Sigma sd Quattro H Review

February 6, 2017 | Mark Goldstein |


The new Sigma sd Quattro H mirrorless camera continues the three core Sigma camera traditions, namely superb image quality at low ISO settings, an idiosyncratic user interface, and frustratingly slow performance. Once again, if you prefer a more leisurely approach to taking pictures, the sd Quattro H will reward you with some amazing images, if you can get on with the "unusual" user interface.

The Foveon X3 Quattro sensor returns again, this time in the unusual APS-H format, and whether you believe it to have the 51 megapixels that Sigma claim or or the native 25 megapixels of the top blue/luminance layer, it can definitely deliver stunningly sharp, high-resolution images. As this is a compact system camera, you're free to use whichever Sigma SA-mount lens you desire, unlike the DP Quattro compact cameras from a couple of years ago, which had fixed lenses instead.

Despite some improvements to the operational speed in the form of not one but two Truepic III processors, the Sigma sd Quattro H is still a rather unresponsive camera that's really only suited to static or slow-moving subjects, especially as the combined phase/contrast detection AF system takes about 0.5 second to lock on to the subject. The latest radical design is again a love it or hate it affair, with the Sigma sd Quattro resembling a DSLR camera in size and weight, and battery life is shockingly poor for a modern camera. We did enjoy using the excellent EVF and rear LCD screens though.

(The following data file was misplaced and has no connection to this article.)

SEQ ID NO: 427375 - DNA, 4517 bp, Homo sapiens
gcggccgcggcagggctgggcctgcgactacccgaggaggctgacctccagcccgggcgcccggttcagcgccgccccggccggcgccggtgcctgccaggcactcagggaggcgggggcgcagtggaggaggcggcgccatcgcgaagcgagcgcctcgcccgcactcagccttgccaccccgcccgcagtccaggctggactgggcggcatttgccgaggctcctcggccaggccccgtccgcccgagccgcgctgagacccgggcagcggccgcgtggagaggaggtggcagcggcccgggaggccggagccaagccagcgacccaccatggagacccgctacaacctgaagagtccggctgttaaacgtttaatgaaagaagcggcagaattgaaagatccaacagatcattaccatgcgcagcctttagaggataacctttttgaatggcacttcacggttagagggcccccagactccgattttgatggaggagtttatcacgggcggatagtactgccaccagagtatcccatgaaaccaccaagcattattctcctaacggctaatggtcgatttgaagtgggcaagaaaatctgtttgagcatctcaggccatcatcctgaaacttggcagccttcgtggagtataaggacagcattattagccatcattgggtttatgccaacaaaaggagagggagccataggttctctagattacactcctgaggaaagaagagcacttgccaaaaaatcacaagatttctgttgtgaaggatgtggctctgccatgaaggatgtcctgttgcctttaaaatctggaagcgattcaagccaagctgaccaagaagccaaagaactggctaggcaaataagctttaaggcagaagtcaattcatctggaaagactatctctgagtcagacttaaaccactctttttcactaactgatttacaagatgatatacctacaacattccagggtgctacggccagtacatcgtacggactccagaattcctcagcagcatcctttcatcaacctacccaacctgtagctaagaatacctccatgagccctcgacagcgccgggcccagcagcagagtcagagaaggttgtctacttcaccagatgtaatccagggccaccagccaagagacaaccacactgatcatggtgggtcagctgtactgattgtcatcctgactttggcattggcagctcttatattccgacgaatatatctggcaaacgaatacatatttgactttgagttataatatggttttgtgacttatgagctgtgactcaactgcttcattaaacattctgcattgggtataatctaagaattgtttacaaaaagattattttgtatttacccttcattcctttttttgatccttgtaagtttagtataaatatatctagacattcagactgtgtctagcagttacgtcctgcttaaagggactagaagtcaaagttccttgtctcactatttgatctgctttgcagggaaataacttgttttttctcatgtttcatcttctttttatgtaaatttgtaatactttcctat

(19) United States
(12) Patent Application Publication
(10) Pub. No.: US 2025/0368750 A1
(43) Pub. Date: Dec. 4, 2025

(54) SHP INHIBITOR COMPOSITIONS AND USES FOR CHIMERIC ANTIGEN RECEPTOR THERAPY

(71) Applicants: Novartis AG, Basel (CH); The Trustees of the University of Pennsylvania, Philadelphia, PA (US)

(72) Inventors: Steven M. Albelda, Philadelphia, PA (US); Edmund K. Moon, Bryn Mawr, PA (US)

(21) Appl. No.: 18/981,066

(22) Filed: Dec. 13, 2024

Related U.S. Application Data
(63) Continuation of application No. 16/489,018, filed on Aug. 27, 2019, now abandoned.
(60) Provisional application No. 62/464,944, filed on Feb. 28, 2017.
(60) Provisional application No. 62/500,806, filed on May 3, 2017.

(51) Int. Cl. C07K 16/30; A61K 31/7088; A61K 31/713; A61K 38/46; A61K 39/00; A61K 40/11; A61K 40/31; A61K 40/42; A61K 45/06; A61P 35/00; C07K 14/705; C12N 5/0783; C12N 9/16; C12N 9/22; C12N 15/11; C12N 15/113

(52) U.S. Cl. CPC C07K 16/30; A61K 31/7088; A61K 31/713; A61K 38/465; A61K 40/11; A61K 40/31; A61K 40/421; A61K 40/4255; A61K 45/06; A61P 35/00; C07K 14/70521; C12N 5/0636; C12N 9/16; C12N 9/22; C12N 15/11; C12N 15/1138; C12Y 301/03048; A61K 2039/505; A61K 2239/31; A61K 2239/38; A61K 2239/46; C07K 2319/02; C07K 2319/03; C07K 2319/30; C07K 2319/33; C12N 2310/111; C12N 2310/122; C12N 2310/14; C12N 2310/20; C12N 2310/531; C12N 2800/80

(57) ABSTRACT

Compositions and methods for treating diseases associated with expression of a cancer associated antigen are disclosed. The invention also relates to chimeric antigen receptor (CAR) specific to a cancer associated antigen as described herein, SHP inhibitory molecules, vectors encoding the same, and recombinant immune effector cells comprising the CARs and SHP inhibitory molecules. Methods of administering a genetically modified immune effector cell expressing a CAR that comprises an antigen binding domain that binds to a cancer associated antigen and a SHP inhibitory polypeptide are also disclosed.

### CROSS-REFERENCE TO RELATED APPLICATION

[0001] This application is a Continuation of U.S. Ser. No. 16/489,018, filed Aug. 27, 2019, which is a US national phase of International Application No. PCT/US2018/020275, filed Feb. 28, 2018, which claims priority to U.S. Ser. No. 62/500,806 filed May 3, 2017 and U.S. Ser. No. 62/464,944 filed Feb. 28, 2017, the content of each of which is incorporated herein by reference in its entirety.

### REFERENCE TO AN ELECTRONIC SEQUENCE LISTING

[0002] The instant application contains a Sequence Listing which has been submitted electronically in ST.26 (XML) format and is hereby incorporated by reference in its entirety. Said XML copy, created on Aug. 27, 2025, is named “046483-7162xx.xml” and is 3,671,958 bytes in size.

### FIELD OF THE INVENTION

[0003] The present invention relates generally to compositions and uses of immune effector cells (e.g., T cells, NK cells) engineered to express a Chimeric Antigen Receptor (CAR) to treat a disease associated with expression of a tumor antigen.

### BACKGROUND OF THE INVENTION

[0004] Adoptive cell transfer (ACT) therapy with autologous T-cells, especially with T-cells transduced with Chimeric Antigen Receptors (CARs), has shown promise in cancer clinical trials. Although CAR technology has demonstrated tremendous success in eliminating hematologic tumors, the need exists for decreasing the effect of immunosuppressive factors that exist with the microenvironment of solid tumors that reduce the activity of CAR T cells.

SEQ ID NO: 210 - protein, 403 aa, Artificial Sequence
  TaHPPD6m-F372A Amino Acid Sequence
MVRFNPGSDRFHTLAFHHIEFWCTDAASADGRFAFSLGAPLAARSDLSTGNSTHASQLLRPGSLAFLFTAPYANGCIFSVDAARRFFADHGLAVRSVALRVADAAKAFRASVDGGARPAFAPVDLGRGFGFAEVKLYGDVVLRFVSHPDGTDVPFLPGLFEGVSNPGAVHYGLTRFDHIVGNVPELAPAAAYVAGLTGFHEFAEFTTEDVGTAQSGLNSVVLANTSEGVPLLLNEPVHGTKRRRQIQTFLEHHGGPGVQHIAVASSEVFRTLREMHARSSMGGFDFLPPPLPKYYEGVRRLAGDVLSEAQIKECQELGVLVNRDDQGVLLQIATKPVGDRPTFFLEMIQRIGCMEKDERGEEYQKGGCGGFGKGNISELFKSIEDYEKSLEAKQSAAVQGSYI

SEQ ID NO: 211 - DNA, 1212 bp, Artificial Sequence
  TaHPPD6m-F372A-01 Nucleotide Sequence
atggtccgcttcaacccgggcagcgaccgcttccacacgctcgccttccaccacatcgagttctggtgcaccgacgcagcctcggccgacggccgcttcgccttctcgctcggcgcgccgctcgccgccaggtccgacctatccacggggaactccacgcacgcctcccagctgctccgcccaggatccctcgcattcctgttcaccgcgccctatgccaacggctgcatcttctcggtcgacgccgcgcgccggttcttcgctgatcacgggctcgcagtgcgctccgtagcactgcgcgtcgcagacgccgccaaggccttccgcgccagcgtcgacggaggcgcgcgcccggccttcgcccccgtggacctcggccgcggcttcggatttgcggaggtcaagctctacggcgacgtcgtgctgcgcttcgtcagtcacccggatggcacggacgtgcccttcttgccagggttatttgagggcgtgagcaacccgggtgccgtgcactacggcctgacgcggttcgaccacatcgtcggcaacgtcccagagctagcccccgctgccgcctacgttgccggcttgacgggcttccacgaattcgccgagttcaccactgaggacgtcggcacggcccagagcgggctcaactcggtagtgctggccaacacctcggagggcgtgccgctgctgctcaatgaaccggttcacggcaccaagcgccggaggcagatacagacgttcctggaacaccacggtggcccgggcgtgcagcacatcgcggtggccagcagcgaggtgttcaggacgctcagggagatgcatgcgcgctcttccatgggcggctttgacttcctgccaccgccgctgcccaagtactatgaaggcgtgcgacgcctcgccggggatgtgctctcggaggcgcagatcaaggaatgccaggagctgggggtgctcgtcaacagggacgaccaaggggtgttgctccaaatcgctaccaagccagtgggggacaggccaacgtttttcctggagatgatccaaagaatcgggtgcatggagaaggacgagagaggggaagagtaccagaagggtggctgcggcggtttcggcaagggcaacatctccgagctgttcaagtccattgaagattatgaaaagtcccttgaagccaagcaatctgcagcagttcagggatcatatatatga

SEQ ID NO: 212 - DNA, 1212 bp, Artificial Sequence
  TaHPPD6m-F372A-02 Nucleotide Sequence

In summary, the Sigma sd Quattro H ports the 3-layer Foveon technology from the fixed lens, compact camera design of the DP-series to a more adaptable mirrorless design, which should broaden its appeal. Compared to the cheaper Sigma sd Quattro camera, the H version increases the megapixel count thanks to the larger sensor, and additionally offers Adobe DNG support, although the resulting file sizes are huge. It's still something of a hard sell when compared to its direct competition, but no other camera delivers quite the same image quality as the Sigma sd Quattro H (except the Sigma sd Quattro)...

4 stars

Ratings (out of 5)
Design 3
Features 4
Ease-of-use 3
Image quality 5
Value for money 4